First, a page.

However, the eRP arrangement strategy does have several requirements. First, because the gradient of the DNA copy number of short contigs is difficult to calculate, the accuracy of the eRP arrangement is highly dependent on the properties of the contigs in use. Using B. subtilis WT, we show the relationship between the number of contigs and accuracy in Additional file 6: Table S5. Next, the experimental condition that affects the accuracy is the sequencing depth. The number of sequence reads used in the demonstration was approximately 20 M reads, and the genome coverage of B. subtilis (4.2 Mbp) was 450X. Because low-depth sequencing decreases the accuracy of the assembly and eRP calculation, our system might require high sequencing coverage of approximately 100X or more (Additional file 7: Figure S2). The number of reads also affects the contig number. Because our system does not use a short contig with a length that is less than approximately 1% of its genome size, it cannot correspond to more than approximately 100 contigs. In these cases, reassessment of the assembly tools is required. Additionally, since the current version targets only one independent replicon, it can not be used for plasmids or multiple chromosomes.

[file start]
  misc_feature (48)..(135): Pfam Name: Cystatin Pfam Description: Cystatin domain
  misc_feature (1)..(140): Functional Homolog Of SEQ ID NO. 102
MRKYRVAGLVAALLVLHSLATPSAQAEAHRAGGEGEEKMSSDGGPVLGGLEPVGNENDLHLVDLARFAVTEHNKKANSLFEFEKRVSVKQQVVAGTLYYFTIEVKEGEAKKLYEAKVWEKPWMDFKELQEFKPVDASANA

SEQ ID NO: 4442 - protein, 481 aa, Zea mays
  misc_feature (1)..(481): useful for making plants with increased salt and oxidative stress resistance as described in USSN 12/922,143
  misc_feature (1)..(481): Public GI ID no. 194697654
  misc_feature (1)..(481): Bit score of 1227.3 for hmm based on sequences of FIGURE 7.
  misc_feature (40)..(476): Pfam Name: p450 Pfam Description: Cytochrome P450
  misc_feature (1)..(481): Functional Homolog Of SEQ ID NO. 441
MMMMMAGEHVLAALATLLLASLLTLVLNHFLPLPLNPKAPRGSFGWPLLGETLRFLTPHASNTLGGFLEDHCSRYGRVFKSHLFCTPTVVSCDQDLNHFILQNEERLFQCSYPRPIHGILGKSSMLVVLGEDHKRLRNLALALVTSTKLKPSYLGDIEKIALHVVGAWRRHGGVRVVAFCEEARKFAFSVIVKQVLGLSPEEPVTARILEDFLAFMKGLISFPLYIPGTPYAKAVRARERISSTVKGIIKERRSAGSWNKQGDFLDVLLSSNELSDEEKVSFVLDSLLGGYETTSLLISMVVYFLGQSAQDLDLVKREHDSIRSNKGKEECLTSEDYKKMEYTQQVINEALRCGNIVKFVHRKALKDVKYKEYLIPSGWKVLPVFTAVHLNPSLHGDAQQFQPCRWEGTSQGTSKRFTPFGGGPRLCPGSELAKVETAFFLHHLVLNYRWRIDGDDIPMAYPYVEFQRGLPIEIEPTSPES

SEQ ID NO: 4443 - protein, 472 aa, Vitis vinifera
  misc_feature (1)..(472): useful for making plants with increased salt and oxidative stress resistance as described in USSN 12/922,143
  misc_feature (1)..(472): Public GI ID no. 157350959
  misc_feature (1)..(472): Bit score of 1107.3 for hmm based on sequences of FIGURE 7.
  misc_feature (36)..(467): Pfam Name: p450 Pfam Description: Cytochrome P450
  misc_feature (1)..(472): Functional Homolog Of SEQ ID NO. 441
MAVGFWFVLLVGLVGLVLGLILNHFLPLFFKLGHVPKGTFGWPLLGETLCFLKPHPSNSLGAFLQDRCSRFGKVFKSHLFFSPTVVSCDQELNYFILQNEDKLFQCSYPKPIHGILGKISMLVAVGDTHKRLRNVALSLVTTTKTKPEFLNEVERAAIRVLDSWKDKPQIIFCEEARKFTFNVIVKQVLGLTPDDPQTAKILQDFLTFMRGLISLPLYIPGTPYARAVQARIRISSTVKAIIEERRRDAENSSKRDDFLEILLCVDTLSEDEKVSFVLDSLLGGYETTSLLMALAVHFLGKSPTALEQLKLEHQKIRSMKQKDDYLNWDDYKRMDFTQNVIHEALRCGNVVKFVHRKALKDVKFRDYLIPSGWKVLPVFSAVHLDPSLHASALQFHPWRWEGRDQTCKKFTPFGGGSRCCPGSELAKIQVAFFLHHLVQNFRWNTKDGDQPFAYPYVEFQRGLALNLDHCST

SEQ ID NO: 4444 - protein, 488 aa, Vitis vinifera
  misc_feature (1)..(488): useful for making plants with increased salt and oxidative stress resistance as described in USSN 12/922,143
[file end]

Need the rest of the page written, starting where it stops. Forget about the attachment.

This demonstration shows that the eRP arrangement was effective against the inverted mutants, indicating that our strategy is useful for de novo sequencing in closely related species with different genomic structures. De novo genome sequencing is expected to become more popular in microbiology. The reference or related genome-free method will contribute to this field in the future.
We present a novel eRP arrangement strategy for the analysis of the positional relationships between assembled contigs in bacterial circular chromosomes. The eRP arrangement makes it possible to order and orient the assembled contigs from de novo bacterial genome sequencing using the universal biological features of bacteria for reference. We believe that this strategy will assist in the further acceleration of genome sequencing and the growth of comparative analysis for genomic structures in microbiology. The arrangement algorithm program is freely available at https://github.com/nkono/eRParranger .
Strains and antibiotic conditions